the clause under which it was claimed that there was ouster of jurisdiction of Courts only stated that any dispute arising out of sale would be subject to jurisdiction of Court within whose jurisdiction order was placed but there were no exclusive words like 'exclusive', 'alone', 'only' and the like, other jurisdictions having connecting factors were not clearly, unambiguously and explicitly excluded. "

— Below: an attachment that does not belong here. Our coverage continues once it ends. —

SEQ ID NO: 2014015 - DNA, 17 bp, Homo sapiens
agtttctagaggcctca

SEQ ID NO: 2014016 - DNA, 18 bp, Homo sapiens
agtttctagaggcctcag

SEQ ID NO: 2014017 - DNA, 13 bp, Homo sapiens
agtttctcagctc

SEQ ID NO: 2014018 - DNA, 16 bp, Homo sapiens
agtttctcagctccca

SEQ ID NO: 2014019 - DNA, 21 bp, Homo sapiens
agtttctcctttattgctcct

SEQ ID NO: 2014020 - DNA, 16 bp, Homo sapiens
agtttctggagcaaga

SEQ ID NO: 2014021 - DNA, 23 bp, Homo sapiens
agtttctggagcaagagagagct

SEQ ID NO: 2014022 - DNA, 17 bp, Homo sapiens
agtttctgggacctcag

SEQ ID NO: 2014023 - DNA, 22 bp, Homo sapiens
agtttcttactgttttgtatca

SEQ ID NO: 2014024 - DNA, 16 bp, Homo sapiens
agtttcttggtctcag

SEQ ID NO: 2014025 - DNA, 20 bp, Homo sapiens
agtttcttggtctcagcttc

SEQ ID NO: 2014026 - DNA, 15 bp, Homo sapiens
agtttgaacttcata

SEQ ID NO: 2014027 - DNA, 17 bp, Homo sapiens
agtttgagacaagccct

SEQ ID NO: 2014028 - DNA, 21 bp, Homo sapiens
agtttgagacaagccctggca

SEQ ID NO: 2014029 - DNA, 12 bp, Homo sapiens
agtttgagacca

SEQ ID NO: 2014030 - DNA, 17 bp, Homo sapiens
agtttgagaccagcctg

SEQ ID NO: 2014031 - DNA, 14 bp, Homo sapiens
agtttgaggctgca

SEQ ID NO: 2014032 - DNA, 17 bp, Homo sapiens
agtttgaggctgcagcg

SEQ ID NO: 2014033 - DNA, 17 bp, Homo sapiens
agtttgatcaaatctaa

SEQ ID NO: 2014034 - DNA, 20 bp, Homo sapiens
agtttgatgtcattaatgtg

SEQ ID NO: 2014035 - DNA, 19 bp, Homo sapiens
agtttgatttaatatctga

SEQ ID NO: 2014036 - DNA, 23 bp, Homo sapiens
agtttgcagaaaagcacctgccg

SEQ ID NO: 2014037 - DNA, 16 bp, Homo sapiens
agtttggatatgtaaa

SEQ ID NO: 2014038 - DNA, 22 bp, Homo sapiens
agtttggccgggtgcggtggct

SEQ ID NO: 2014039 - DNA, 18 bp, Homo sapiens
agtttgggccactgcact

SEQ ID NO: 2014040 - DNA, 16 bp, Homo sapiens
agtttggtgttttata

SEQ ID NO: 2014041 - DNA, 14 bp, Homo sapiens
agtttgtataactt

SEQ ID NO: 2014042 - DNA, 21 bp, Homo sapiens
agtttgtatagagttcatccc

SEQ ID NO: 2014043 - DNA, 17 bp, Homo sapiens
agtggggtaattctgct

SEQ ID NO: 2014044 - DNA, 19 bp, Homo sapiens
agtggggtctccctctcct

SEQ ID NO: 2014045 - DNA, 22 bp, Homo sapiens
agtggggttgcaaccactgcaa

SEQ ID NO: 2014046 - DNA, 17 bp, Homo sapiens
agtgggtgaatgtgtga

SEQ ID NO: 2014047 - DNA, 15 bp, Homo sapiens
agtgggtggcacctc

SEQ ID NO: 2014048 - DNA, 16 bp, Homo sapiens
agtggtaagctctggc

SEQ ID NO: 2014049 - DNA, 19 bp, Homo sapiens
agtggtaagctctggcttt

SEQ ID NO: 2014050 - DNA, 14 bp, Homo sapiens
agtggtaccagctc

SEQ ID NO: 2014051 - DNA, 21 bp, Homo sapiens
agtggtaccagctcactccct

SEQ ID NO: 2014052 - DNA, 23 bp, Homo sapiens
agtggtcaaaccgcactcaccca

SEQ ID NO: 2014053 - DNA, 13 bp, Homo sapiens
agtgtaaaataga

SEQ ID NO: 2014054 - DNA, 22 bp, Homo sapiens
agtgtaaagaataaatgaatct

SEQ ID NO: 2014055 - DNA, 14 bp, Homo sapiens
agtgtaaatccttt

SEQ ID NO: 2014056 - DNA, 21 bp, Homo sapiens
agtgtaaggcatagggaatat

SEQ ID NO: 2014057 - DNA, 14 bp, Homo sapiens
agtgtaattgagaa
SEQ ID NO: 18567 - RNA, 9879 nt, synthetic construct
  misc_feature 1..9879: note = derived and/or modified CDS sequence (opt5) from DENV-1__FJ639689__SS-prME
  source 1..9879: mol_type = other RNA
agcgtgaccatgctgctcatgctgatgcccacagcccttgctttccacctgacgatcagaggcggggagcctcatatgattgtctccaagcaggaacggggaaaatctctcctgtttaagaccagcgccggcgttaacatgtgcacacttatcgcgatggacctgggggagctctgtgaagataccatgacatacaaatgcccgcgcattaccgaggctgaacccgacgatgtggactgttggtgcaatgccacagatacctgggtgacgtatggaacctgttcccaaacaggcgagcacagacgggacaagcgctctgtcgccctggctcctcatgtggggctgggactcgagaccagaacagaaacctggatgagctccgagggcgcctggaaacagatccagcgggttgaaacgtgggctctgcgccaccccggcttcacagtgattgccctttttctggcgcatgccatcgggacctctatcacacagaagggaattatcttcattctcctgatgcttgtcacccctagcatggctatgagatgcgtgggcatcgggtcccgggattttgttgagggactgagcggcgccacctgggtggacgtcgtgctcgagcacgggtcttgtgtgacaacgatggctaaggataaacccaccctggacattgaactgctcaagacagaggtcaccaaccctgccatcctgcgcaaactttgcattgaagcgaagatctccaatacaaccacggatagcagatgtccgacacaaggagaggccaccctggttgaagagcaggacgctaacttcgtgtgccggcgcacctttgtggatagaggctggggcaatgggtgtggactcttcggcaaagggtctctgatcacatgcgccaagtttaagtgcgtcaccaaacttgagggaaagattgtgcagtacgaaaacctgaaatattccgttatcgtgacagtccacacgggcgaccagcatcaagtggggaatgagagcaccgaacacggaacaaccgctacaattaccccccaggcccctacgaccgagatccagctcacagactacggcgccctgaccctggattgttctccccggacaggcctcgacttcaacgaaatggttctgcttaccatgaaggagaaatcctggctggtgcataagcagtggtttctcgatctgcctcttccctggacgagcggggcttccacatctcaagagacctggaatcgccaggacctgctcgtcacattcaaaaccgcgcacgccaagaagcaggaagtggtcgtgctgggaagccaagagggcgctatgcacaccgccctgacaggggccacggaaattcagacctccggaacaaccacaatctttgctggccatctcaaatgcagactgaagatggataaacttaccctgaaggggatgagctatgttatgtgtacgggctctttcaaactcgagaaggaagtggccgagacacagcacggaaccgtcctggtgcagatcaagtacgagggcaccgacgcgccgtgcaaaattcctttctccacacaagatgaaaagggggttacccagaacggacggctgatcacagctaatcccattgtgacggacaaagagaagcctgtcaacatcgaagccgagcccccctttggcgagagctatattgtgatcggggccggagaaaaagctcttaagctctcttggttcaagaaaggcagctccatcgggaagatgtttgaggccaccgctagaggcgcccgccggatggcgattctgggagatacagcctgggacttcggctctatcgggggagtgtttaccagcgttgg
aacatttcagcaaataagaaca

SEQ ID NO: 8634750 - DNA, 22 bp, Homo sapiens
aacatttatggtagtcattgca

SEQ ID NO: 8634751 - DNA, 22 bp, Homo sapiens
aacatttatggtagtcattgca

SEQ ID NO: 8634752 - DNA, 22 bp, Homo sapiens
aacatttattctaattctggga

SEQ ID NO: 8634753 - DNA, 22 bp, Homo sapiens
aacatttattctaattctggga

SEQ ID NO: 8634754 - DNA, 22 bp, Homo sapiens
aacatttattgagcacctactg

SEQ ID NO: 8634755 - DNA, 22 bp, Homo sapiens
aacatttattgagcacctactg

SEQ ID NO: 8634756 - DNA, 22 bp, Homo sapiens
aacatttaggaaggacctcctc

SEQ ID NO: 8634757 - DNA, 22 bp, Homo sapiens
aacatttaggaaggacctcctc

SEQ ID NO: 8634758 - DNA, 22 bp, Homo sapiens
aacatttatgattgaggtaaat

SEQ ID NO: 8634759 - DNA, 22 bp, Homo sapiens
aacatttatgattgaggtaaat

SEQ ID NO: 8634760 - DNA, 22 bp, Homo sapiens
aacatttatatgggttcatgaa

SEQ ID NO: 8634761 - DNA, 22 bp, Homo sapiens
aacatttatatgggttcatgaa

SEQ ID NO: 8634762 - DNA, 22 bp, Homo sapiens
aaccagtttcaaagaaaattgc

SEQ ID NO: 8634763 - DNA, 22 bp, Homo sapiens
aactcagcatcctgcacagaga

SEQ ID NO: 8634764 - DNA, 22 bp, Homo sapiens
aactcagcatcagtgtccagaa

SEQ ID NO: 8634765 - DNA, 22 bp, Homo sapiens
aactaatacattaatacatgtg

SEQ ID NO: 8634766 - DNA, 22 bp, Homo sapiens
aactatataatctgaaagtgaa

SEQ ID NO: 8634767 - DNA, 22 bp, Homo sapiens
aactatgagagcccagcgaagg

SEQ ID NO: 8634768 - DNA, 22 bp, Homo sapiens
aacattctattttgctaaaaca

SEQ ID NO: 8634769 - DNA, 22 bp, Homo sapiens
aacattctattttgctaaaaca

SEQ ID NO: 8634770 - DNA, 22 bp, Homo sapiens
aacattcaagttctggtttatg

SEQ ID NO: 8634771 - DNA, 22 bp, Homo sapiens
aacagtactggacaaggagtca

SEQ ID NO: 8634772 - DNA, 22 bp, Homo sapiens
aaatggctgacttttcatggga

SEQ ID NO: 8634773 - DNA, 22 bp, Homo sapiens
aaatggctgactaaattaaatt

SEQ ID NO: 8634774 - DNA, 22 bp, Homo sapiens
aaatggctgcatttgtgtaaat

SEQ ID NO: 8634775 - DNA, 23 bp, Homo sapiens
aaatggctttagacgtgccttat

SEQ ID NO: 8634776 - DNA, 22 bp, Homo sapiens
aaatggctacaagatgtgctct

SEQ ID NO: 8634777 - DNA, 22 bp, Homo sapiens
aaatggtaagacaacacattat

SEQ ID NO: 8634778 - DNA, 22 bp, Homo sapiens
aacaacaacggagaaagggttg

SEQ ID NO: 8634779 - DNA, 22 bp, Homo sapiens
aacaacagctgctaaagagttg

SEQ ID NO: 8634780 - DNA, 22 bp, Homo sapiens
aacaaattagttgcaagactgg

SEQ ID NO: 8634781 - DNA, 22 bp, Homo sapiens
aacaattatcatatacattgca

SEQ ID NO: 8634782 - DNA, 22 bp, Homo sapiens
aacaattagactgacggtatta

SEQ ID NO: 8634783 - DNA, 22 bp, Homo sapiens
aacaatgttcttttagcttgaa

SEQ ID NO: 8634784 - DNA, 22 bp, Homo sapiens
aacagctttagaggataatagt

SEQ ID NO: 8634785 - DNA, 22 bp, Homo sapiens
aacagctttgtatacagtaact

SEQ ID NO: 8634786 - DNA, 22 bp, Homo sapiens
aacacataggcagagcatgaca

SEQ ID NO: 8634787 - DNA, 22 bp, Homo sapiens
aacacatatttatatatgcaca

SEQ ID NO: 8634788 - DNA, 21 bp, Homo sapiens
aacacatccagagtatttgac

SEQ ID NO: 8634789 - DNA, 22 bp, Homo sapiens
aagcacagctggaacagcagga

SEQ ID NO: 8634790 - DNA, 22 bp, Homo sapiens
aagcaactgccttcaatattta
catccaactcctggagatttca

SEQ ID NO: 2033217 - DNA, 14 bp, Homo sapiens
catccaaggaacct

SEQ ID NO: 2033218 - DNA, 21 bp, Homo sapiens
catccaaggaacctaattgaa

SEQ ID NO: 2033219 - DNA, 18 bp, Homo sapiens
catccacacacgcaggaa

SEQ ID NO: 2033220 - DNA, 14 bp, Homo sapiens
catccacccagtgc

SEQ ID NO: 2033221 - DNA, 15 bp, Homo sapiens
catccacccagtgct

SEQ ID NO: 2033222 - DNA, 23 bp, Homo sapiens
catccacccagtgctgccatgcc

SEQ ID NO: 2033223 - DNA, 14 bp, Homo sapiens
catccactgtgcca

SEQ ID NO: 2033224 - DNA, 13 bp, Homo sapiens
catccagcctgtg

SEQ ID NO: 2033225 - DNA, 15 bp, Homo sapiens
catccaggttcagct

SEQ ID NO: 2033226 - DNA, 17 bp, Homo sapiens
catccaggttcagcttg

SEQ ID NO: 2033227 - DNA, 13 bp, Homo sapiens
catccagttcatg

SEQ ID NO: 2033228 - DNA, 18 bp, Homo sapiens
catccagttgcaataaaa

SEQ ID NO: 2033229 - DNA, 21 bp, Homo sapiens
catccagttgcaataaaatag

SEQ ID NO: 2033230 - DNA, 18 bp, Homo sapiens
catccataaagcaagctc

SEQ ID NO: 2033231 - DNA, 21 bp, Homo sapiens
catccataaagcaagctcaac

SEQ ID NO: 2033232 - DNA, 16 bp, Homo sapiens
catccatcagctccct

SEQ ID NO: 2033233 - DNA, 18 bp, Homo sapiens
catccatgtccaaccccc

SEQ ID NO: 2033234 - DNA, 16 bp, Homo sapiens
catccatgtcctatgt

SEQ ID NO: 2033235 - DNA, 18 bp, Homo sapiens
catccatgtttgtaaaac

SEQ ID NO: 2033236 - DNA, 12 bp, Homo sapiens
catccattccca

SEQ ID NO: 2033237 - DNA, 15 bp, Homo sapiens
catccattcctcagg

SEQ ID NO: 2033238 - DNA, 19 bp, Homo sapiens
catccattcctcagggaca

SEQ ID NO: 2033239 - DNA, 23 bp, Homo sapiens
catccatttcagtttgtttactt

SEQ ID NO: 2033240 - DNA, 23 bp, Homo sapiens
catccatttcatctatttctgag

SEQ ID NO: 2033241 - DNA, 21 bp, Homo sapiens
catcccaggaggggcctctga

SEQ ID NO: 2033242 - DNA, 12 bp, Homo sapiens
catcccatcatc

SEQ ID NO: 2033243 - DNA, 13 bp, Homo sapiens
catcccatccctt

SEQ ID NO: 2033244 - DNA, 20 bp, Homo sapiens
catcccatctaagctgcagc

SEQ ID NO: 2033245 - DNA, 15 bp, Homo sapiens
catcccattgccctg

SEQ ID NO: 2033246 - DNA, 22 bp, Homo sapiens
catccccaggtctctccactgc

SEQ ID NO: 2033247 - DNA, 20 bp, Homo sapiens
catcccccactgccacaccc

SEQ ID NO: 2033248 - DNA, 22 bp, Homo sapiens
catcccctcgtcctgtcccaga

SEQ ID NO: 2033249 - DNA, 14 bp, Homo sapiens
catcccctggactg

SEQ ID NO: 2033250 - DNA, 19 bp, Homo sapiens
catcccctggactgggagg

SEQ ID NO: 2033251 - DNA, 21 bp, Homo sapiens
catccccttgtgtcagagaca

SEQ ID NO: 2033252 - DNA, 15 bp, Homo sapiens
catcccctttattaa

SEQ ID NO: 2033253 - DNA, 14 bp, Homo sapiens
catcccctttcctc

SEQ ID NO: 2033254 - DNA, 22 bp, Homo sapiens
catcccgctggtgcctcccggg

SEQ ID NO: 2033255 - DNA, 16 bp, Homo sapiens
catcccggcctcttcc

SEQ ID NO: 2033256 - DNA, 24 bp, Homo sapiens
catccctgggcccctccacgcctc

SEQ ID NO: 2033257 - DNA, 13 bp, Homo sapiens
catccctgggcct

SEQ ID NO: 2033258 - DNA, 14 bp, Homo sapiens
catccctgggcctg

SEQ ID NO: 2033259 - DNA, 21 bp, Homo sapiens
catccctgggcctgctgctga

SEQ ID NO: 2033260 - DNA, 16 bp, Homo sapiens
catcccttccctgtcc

Hakam Singh v. M/s. Gammon (India) Ltd., (1971) 3 SCR 314: (AIR 1971 SC 740) the appellant agreed to do certain construction work for the respondent who had its principal place of business at Bombay on the terms of conditions of a written tender. Clause 12 of the tender provided for arbitration in case of dispute. Clause 13 provided that notwithstanding the place where the work under the contract was to be executed the contract shall be deemed to have been entered into by the parties at Bombay, and the Court in Bombay alone shall have jurisdiction to adjudicate upon. On dispute arising between the parties the appellant submitted a petition to the Court at Varanasi for an order under Section 20 of the Arbitration Act, 1940 that the agreement be filed and an order of reference be made to an arbitrator or arbitrators appointed by the Court. The respondent contended that in view of the Clause 13 of the arbitration agreement only the Courts at Bombay had jurisdiction. The Trial Court also held that the entire cause of action had arisen at Varanasi and the parties could not by agreement confer jurisdiction on the Courts possess. The High Court in revision held that the Courts at Bombay had jurisdiction under the general law and hence could entertain the petition and that in view of Clause 13 of the arbitration agreement the petition could not be entertained at Varanasi and directed the petition to be returned for presentation to the proper Court. On appeal therefrom one of the questions that fell for consideration of this Court was whether the Courts at Bombay alone had jurisdiction over the dispute. It was held that the Code of Civil Procedure in its entirety applied to proceedings under the Arbitration Act by virtue of Section 41 of that Act. The jurisdiction of the Court under the Arbitration Act to entertain a proceeding for filing an award was accordingly governed by the provisions of the Code of Civil Procedure. By the terms of Section 20(a) of the Code of Civil Procedure read with explanation II thereto the respondent company which had its principal place of business at Bombay was liable to be sued at Bombay. It was held that it was not open to the parties to agreement to confer by their agreement jurisdiction on a Court which it did not possess under the Code. But where two Courts or more have under the Code of Civil Procedure jurisdiction to try suit or proceeding an agreement between the parties that the dispute between them shall be tried in one of such Courts was not contrary to public policy and such an agreement did not contravene Section 28 of the Contract Act. Though this case arose out of an arbitration agreement there is no reason why the same rule should not apply to other agreements in so far as jurisdiction is concerned. Without referring to this decision a Division Bench of the Madras High Court in Nanak Chand v. T.T. Electric Supply Co., AIR 1975 Mad 103 observed that competency of a Court to try an action goes to the root of the matter and when such competency is not found, it has no jurisdiction at all to try the case. But objection based on jurisdiction is a matter which parties could waive and it is in this sense if such jurisdiction is exercised by Courts it does not go to the core of it so as to make the resultant judgment a nullity. Thus it is now a settled principle that where there may be two or more competent Courts which can entertain a suit consequent upon a part of the cause of action having arisen therewithin, if the parties to the contract agreed to vest jurisdiction in one such court to try the dispute which might arise as between themselves the agreement would be valid. If such a contract is clear, unambiguous and explicit and not vague it is not hit by Ss. 23 and 28 of the Contract Act. This cannot be understood as parties contracting against the Statute. Mercantile Law and practice permit such agreements.